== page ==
January 5th, 2012 | 1 Comment
We see them and marginalize them: Those street vendors offering phone cards, knock-offs and overtly fake fashion accessories. But, as Robert Neuwirth points out in an interview in this month’s issue of Wired magazine, these unregulated economies have a collective GDP of $10 trillion a year.
It got me to thinking about how most high-tech companies do marketing and PR: It’s almost always about people coming to them, not the other way around. And, it often involves the grand gesture. The big advertising and PR campaign.
What if, like street vendors, we went to the places people hang out. No, not the big trade shows, but to home-town markets around the globe, inviting people to see our wares and spend some time with us.
OK, I know what you’re thinking: big bucks. But it doesn’t have to be. It can be one man or woman and a laptop (or whatever other equipment your technology requires) on a tour of underserved, but significant markets.
This isn’t about the New Yorks, San Franciscos, LAs, Londons, Parises, Hong Kongs and Berlins of the world — those cities are already served by major conferences and waves of sales troops. It’s about having feet on the street in cities that don’t get a lot of high-tech suitors.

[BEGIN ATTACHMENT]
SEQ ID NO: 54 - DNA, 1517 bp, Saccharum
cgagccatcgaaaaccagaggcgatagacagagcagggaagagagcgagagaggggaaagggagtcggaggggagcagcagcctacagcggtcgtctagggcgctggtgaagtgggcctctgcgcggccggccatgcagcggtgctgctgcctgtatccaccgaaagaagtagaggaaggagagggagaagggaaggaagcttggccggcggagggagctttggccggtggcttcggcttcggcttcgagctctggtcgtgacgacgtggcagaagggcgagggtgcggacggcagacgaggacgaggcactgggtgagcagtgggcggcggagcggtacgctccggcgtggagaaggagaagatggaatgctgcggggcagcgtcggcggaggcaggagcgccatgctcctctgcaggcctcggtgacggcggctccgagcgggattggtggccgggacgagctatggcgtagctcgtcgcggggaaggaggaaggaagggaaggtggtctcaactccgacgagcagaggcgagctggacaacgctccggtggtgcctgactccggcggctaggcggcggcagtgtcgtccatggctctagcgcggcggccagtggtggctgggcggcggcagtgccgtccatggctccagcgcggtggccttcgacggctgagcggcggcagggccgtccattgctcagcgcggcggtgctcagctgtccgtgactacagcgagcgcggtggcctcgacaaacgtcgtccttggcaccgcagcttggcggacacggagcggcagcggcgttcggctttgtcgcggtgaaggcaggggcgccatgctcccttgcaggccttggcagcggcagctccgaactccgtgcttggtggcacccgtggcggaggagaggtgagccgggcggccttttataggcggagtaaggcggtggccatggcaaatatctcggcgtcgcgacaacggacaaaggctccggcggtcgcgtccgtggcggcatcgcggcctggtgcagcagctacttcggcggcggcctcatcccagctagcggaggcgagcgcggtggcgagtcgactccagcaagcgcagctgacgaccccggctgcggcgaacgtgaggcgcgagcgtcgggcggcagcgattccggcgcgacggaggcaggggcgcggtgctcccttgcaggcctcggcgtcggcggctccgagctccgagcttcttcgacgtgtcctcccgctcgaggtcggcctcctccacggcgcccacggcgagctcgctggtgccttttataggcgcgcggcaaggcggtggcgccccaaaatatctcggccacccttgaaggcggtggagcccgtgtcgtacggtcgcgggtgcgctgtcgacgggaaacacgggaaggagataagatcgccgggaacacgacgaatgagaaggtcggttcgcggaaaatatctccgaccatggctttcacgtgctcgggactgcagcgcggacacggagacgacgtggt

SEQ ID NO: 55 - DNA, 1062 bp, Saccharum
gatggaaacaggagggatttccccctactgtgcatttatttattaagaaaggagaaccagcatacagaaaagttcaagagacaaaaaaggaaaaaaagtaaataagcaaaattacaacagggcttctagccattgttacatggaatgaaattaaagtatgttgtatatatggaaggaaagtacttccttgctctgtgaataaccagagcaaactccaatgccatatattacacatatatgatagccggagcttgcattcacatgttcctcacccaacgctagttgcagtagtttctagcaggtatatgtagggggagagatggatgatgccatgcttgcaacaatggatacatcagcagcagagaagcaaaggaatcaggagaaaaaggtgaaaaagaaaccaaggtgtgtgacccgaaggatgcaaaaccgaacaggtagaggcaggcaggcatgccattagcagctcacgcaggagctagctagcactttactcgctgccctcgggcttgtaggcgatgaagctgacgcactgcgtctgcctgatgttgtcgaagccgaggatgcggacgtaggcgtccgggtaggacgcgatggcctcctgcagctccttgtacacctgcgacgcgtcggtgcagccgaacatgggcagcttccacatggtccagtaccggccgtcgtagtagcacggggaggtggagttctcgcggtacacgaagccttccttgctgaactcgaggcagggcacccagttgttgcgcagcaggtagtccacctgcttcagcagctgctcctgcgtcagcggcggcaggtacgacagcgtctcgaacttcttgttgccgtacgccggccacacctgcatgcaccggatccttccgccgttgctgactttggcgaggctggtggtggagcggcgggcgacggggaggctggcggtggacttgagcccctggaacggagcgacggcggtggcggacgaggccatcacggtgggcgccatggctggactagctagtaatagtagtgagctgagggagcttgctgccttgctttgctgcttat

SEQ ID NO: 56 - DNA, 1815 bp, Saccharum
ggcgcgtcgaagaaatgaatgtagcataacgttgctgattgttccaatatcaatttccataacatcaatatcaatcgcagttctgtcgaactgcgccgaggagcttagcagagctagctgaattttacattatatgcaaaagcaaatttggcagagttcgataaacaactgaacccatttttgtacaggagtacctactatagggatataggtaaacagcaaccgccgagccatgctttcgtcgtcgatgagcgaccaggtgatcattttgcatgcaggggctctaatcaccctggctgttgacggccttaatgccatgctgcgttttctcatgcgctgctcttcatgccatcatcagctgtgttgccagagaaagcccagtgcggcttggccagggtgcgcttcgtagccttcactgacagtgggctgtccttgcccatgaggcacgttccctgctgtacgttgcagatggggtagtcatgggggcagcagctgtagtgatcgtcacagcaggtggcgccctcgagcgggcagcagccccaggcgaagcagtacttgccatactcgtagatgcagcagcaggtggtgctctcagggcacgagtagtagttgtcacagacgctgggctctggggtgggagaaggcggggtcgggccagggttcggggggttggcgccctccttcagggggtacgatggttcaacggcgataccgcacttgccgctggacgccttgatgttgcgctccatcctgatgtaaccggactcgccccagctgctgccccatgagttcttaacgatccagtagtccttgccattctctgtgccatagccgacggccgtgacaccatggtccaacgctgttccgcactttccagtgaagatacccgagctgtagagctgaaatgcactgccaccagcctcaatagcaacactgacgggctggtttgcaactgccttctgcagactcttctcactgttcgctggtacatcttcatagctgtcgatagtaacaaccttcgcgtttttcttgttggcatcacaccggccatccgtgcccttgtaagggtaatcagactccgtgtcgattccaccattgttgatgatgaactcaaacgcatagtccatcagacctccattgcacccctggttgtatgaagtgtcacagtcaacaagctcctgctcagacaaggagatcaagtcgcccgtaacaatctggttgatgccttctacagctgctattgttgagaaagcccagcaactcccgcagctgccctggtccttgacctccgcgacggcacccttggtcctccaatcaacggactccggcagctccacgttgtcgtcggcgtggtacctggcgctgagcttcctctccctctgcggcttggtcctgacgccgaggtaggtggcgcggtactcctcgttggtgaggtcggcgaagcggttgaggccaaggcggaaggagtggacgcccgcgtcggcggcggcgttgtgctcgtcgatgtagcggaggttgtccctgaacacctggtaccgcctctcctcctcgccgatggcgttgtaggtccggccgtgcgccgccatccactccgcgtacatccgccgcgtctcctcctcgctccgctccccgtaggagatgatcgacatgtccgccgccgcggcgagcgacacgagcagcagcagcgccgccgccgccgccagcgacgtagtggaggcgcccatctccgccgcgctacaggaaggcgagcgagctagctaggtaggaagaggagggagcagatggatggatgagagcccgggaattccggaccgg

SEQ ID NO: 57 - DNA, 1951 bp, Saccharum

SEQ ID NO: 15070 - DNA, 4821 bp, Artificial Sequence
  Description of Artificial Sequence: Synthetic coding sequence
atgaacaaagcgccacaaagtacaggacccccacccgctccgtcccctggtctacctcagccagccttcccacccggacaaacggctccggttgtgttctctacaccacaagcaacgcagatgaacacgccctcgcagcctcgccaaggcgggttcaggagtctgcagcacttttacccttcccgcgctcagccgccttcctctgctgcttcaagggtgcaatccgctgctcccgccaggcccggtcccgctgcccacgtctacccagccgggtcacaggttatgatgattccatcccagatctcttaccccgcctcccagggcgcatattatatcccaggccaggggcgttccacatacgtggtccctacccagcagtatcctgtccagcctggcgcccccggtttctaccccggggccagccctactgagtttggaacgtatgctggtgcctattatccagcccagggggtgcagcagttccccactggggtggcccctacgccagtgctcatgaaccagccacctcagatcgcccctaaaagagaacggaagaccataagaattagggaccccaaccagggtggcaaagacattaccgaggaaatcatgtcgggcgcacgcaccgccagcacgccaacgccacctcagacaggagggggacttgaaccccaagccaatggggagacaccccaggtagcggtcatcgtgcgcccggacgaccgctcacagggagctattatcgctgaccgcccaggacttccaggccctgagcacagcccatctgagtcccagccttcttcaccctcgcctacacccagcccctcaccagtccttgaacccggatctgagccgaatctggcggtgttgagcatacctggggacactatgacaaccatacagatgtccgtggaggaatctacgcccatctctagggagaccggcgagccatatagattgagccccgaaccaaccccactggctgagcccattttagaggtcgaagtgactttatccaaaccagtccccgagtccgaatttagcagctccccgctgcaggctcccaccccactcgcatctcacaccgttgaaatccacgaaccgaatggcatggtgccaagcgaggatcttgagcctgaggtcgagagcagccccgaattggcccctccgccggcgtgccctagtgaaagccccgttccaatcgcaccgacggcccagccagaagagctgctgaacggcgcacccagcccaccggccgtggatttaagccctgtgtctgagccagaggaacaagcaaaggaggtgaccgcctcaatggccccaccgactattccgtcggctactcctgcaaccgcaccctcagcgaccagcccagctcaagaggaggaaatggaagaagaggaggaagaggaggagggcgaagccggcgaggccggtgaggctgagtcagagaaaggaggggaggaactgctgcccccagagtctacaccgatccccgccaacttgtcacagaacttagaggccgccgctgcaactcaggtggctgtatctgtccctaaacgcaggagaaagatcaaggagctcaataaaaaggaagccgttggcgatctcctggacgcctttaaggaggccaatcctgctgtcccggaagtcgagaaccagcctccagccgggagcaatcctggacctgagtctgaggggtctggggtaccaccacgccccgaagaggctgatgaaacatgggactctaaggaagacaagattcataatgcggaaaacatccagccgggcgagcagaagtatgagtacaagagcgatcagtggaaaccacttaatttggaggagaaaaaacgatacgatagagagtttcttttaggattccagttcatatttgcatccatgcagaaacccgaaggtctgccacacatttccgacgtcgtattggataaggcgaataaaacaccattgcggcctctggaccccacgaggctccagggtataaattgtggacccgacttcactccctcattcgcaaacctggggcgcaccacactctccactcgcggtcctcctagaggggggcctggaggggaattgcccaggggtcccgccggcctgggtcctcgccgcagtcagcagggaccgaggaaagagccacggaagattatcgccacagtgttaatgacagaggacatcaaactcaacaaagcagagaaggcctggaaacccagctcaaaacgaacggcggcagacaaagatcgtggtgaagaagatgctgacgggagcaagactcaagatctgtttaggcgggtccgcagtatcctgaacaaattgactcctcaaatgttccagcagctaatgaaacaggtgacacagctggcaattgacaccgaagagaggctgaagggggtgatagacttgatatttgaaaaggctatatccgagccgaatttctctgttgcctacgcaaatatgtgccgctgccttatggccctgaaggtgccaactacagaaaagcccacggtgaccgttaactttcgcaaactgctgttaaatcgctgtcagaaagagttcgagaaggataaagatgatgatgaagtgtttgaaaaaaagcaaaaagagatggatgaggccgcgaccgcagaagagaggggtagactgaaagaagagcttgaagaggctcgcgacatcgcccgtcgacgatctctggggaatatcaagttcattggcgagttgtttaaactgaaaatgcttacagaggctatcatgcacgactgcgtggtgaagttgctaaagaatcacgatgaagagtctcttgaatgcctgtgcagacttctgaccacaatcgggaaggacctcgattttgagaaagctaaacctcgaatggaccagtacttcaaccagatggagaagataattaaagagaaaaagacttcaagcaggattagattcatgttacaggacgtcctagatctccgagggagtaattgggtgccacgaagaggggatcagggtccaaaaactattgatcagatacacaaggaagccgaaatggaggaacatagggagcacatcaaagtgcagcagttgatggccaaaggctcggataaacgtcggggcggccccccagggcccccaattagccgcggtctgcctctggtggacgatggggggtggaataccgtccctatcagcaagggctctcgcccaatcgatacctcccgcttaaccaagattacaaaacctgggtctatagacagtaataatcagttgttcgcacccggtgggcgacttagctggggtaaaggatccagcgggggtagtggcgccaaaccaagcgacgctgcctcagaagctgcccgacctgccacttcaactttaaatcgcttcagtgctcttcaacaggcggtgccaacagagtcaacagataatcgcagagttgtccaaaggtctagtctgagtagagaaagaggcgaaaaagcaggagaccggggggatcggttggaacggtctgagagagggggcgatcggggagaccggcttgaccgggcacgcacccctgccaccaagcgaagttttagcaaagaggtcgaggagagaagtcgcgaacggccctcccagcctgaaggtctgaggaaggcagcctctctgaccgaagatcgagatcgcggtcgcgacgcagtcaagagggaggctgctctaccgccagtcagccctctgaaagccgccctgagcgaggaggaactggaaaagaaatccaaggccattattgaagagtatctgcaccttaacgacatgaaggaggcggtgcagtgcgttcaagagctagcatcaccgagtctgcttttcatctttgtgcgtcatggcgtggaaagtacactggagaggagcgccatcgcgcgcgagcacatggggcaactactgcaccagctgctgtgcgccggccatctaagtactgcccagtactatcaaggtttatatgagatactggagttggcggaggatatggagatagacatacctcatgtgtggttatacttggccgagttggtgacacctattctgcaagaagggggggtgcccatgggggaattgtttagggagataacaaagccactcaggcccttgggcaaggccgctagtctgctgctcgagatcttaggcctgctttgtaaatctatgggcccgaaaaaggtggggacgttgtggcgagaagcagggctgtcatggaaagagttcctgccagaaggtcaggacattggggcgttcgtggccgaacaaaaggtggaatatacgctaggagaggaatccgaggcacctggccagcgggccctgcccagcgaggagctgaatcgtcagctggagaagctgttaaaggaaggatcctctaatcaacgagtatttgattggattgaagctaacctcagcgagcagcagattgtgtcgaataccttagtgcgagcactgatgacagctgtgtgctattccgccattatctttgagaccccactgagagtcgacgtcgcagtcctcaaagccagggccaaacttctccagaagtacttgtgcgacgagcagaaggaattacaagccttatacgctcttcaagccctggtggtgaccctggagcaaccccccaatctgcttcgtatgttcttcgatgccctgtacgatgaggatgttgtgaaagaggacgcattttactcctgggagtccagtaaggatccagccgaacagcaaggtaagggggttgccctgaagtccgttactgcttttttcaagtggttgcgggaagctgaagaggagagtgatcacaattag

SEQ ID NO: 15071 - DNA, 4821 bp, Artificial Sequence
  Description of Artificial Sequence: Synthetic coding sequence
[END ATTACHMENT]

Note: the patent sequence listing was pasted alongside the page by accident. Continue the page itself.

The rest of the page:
In the U.S., that could include places like Boise, Idaho; Wichita, Kansas; Durham, North Carolina; Houston, Texas; Salt Lake City, Utah; and others a bit off the usual high-tech conference circuit.
Recruit locals from your customer base, find out the cool places where customers and potential customers hang out, book the hottest local band or DJ and have a workshop followed by a party. Give out swag. Buy beer. Make friends. Be personable. Generate fun. Tweet and facebook about it.
People will love the fact that you came to them and delivered an experience that reflects their needs and culture. And, it sets up a foundation for that most important business-builder: a relationship.
While not everyone appreciates a Gucci knock-off, most people will approve of a company that brings a good product and a good time to their fair city.